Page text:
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September 14, 1988


The opinion of the court was delivered by: REVERCOMB


 This case is a challenge to a decision by former Attorney General Edwin Meese III to approve a joint operating agreement ("JOA") under the Newspaper Preservation Act ("NPA") of 1970, 15 U.S.C. §§ 1801-1804 (1982). The JOA would give the newspapers, the Detroit Free Press ("Free Press") and The Detroit News ("News"), limited exemption from antitrust laws.

 Attorney General Meese granted the application for a JOA between the two newspapers on August 8, 1988. Eight days later, and two days before the JOA was to begin in operation, this suit was filed by plaintiffs, a group that includes individuals, advertisers, and newspaper employees who allege that they would be adversely affected by the JOA. On August 17, 1988, Judge Joyce Hens Green of this Court, sitting as motions judge, granted plaintiffs' motion to stay the effect of the Attorney General's decision until September 17, 1988. Judge Green held that "at this early stage of these proceedings the record suggests the conclusion that the Attorney General's Decision and Order was arbitrary and capricious," but that "upon a full ventilation of these matters a different conclusion might be reached." Opinion and Order Granting Stay at 15.

 Pursuant to a schedule ordered by Judge Green, oral argument was heard on cross-motions for summary judgment on September 8, 1988. For the reasons stated herein, the Court grants defendants' motion for plenary summary judgment and will allow the stay to expire.

 I. Background

 The Detroit metropolitan area is the only urban center in the nation, save New York, with two general interest daily newspapers with circulations of more than 650,000 each. The Free Press, owned since 1940 by Knight-Ridder, Inc., the nation's second-largest newspaper group, and the News, run since 1986 by Gannett Co., Inc., America's largest newspaper organization, have engaged since roughly 1960 in what has been nicknamed "The Great Newspaper War." Unlike the numerous other newsprint battles in American cities since World War II, however, the Detroit contest has not resulted in a clear winner and a clear loser. Indeed, since 1970 the Free Press has never captured less than 47 percent nor greater than 50 percent of the combined daily circulation market. By virtue of the newspaper war, the papers are the least expensive major dailies in the nation, both for buyers and advertisers, and Detroit has the highest per capita newspaper readership rate of any major metropolitan area.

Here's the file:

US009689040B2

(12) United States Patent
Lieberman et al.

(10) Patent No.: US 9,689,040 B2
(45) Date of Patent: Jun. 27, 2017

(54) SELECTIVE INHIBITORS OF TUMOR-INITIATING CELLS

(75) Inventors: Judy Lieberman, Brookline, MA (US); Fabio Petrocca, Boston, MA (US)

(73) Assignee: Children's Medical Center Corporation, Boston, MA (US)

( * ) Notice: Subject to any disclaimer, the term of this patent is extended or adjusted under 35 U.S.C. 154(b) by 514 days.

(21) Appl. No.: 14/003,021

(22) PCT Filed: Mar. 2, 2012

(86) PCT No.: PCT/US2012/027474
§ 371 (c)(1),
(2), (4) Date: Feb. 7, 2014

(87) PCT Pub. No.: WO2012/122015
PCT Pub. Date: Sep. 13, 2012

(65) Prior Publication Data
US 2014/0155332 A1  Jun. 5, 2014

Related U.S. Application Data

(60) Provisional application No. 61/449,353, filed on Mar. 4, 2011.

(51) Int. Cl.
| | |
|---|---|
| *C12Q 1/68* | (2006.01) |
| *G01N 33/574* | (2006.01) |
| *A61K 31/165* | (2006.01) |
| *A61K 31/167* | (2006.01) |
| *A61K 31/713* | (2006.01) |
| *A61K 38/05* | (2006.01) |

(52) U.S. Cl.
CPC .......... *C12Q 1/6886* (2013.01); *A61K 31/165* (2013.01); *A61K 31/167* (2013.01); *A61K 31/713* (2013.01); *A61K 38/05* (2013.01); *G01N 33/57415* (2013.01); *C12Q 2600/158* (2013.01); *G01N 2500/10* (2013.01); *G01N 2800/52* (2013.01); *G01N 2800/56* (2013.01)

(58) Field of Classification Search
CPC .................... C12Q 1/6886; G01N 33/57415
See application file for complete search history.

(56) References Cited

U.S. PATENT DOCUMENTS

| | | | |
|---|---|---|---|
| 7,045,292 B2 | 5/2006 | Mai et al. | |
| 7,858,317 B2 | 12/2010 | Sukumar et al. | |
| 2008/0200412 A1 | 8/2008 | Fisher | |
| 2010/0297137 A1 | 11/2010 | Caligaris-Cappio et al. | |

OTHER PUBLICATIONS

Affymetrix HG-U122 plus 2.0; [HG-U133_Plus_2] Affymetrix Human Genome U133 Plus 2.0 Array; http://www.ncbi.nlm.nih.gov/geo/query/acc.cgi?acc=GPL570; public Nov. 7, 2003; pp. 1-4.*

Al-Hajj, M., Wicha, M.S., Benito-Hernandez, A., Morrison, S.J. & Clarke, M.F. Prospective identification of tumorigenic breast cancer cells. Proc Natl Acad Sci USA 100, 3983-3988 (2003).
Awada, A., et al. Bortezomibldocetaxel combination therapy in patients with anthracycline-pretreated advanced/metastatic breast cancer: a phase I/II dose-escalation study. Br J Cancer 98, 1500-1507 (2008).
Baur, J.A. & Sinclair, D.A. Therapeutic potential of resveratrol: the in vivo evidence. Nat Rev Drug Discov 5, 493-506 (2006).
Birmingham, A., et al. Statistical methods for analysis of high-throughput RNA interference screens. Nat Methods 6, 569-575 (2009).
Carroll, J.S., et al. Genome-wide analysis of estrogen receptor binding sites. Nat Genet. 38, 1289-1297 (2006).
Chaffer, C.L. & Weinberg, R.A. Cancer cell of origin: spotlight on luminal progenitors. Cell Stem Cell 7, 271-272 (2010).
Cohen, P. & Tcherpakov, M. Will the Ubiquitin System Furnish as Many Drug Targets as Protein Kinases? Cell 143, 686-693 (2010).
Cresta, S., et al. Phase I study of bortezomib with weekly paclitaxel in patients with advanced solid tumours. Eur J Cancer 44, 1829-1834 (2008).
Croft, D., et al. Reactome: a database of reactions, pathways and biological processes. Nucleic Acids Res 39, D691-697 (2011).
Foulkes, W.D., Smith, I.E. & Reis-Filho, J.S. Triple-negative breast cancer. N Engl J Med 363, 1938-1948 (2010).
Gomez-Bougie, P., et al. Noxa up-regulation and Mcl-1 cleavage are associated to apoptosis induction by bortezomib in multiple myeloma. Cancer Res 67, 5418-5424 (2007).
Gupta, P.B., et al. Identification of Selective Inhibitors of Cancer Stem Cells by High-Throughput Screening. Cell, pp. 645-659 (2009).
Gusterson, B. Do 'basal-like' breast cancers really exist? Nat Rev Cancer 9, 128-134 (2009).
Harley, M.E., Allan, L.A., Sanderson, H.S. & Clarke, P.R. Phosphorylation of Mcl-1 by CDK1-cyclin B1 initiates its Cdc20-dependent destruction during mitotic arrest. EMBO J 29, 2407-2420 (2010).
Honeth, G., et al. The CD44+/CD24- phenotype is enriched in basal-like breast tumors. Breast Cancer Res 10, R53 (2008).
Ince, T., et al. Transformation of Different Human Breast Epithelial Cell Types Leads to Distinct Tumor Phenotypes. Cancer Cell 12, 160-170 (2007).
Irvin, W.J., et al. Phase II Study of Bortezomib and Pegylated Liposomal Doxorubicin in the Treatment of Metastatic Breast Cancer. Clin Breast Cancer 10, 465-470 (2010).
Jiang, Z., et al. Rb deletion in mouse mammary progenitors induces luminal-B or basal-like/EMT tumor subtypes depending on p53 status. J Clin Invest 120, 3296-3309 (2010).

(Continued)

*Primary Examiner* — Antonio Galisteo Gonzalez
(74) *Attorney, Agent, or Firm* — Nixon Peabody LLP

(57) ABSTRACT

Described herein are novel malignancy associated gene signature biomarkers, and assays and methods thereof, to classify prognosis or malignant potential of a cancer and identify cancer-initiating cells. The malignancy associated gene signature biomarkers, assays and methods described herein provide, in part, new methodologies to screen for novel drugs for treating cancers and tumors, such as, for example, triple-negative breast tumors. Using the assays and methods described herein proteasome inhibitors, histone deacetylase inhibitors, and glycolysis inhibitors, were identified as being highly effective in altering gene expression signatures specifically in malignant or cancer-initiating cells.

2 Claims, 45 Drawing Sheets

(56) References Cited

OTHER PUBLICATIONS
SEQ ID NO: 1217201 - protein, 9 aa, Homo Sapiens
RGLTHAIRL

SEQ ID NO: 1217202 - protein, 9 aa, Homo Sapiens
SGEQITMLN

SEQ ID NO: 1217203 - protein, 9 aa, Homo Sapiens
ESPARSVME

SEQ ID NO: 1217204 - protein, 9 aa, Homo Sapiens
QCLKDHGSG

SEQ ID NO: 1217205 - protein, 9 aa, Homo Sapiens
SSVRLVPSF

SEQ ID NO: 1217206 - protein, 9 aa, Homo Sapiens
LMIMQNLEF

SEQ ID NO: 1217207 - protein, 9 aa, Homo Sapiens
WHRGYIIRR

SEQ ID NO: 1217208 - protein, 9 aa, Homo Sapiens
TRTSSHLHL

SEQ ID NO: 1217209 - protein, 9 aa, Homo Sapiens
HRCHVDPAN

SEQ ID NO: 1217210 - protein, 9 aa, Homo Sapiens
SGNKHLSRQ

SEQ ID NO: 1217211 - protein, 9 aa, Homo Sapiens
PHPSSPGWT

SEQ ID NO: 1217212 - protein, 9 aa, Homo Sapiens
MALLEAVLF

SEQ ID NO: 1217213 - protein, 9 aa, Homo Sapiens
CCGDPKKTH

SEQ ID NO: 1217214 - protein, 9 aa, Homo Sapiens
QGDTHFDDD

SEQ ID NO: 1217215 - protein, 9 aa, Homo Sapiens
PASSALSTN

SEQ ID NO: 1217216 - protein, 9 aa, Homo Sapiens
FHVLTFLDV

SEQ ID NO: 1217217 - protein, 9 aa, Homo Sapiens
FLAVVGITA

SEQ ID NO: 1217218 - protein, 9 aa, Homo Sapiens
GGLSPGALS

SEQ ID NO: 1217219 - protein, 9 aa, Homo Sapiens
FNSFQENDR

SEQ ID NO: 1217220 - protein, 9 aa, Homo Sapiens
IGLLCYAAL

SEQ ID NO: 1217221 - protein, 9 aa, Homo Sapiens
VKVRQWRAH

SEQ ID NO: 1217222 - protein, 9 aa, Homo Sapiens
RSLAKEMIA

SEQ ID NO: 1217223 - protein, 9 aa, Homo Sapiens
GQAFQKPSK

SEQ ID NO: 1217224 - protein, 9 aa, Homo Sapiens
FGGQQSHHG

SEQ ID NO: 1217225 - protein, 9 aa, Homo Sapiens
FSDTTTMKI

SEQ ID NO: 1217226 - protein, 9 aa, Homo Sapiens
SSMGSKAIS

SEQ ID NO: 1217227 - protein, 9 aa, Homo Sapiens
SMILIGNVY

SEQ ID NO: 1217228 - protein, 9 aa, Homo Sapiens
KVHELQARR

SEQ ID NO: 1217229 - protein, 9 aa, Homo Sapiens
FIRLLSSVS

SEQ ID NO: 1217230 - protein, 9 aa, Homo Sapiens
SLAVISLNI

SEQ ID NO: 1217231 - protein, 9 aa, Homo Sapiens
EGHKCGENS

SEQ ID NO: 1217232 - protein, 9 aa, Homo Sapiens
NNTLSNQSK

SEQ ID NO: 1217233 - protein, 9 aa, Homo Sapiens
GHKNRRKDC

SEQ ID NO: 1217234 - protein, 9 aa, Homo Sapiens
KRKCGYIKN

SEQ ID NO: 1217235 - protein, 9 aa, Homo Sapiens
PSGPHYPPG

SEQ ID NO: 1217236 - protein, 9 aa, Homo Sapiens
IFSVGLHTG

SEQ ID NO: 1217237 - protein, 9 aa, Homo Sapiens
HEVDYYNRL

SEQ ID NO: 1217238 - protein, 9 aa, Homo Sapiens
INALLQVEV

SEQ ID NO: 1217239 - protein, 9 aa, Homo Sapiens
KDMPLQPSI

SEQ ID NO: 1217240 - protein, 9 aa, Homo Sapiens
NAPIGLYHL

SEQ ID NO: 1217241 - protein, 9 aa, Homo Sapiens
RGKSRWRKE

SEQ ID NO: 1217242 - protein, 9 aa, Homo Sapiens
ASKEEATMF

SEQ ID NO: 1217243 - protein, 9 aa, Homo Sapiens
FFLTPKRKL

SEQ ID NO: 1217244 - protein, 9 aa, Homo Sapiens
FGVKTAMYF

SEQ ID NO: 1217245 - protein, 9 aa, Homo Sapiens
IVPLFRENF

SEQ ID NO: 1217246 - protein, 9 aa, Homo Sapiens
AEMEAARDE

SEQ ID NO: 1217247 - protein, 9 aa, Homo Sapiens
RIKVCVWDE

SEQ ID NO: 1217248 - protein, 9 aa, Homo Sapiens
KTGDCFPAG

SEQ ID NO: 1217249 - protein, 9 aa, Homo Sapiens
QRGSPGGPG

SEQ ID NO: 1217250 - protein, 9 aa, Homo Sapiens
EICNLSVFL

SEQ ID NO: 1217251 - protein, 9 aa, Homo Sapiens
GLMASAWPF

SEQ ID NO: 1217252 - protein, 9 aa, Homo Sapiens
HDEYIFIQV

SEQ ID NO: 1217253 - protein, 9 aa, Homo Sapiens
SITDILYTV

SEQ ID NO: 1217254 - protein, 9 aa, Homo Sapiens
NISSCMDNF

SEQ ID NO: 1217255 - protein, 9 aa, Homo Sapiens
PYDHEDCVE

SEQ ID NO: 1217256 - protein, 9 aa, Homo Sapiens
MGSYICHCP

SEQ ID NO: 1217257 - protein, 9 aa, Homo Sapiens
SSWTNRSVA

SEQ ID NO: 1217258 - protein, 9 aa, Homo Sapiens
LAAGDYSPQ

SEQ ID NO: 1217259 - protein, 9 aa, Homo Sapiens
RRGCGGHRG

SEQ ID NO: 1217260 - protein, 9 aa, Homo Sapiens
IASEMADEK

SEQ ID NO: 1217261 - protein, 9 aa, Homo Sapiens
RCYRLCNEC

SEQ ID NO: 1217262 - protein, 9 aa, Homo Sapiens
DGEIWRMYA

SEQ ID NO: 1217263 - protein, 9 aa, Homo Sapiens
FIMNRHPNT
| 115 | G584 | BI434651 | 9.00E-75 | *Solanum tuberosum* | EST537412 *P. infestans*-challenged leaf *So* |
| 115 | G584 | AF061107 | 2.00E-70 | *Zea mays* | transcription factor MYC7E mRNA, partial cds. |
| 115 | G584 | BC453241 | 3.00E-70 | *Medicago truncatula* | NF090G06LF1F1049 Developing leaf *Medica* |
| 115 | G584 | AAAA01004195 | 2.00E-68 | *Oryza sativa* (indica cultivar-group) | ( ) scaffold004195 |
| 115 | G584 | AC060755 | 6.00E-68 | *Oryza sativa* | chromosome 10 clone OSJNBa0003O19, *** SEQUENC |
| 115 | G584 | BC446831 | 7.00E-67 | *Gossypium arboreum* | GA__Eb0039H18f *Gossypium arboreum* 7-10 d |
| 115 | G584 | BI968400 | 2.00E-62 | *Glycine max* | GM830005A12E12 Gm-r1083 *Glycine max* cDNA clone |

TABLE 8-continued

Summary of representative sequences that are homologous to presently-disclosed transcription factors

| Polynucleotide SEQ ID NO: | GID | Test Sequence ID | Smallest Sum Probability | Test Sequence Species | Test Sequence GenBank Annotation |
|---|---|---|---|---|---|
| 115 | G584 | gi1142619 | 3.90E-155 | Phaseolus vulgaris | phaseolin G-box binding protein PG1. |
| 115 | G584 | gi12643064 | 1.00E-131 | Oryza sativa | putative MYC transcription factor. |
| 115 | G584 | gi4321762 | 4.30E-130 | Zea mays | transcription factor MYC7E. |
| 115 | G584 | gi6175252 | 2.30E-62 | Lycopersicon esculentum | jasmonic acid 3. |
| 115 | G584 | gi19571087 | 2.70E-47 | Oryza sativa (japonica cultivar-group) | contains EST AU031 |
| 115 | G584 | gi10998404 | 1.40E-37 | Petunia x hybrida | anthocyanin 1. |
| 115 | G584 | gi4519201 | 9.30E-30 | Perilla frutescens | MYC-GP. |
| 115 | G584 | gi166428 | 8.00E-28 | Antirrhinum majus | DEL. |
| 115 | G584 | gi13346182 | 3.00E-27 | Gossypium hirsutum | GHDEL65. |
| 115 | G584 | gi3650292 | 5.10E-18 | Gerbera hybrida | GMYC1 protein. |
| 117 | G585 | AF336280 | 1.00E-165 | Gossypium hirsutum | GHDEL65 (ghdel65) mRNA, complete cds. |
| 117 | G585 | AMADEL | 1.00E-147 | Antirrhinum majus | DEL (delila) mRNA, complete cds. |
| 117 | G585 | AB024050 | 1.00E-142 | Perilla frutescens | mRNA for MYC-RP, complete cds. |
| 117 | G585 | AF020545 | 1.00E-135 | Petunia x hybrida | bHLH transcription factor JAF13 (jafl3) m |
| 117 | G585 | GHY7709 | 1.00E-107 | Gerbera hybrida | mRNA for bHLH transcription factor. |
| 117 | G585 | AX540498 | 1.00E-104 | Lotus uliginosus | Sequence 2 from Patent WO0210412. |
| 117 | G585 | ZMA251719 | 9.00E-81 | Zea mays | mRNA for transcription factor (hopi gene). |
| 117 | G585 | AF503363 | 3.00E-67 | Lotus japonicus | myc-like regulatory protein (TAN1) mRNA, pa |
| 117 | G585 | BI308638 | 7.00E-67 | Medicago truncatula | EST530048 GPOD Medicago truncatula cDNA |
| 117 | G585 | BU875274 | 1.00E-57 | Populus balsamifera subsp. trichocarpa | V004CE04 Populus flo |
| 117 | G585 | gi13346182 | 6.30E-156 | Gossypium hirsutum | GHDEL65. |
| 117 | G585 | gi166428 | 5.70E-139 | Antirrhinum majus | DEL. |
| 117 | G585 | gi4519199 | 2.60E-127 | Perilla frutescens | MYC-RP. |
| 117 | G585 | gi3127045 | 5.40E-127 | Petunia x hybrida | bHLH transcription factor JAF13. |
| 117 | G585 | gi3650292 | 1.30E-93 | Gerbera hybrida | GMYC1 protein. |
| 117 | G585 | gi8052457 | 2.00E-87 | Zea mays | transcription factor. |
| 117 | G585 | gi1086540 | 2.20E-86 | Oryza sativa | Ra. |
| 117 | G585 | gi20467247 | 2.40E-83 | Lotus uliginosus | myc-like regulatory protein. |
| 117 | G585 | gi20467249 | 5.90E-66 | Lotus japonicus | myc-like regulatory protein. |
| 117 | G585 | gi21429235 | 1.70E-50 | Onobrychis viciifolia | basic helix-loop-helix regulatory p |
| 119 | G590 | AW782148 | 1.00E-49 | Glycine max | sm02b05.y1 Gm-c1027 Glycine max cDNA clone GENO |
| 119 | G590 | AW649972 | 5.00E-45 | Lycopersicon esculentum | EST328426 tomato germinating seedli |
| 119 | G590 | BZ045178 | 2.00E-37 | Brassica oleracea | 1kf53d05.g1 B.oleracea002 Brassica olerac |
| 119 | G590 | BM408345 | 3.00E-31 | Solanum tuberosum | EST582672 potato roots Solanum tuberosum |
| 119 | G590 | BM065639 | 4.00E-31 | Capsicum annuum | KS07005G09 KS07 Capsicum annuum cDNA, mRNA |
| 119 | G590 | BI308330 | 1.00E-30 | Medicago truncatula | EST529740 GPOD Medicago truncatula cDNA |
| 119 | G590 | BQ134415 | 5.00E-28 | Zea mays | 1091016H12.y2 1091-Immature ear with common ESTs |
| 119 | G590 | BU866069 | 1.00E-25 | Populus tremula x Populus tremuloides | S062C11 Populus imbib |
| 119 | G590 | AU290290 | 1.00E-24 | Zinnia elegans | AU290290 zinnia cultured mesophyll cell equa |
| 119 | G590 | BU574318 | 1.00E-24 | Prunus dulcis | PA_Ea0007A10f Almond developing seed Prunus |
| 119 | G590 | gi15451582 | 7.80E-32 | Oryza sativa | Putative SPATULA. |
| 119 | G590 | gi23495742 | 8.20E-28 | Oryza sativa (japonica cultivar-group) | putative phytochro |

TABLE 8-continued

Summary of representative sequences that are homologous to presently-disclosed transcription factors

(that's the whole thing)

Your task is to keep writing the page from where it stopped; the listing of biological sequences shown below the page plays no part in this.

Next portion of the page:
By 1980, however, the management of each paper was deeply concerned that their publication would fall behind and suffer the fate of many other once-robust but now-extinct "second" newspapers. With each paper convinced that its publication could be the one to survive, each engaged in costly strategies to try to achieve "market domination." Each cut prices, discounted its advertising rates, and made significant capital investments, including the opening of a new printing plant by the Free Press in 1986.

 Despite consistent profits during the 1970s, both publications have suffered operating losses throughout the 1980s, although those of the Free Press have been more consistent. On May 9, 1986, not long after Gannett purchased the News, the two newspapers petitioned the Attorney General for permission to work under a JOA, which includes a provision for only one newspaper to be published on weekends. Since then, the Free Press's losses have deepened, so that the paper now contends it is losing between $ 34,000 and $ 45,000 a day, even though circulation has not fallen off significantly.

 II. The Newspaper Preservation Act

 Concerned over the failing of many "second" newspapers in major metropolitan areas in the 1950s and 1960s, Congress in 1970 enacted the Newspaper Preservation Act ("NPA"), 15 U.S.C. §§ 1801-1804 (1982). The NPA grants a partial antitrust exemption to newspapers that enter into a JOA, in which the newspapers merge their business operations and jointly set prices and advertising rates. At the same time, the editorial and reporting functions remain separate, so that two different newspapers, presumably with two fairly separate editorial voices, continue to be published.

 The key requirement for the Attorney General's approval of a JOA is that one of the papers be a "failing newspaper," defined as a publication that, "regardless of its ownership or affiliations, is in probable danger of financial failure." 15 U.S.C. § 1802(5) (emphasis added). The "failing newspaper" test was clearly intended to replace the more stringent "failing company" defense for mergers generally permitted under antitrust law. Specifically, Congress wished to reverse the effects of Citizen Publishing Co. v. United States, 394 U.S. 131, 22 L. Ed. 2d 148, 89 S. Ct. 927 (1969), in which the United States Supreme Court held that JOAs violated antitrust restrictions unless one publication was "on the verge of going out of business." Id. at 137. The purpose of the NPA is to allow the partial merger of two newspapers before the failing one becomes too ill to revive. In the application for the Detroit JOA, the Free Press was offered as the "failing newspaper."

 Under the NPA, a JOA with an antitrust exemption must get prior approval of the Attorney General, who may approve the JOA if "approval of such arrangement would effectuate the policy and purpose" of the act. 15 U.S.C. § 1803(b). The statute offers no further guidance to this broad latitude granted to the Attorney General; instead, the Department of Justice ("DOJ") has adopted rules to govern consideration of JOA applications. 28 C.F.R. pt. 48 (1987). The rules include ...

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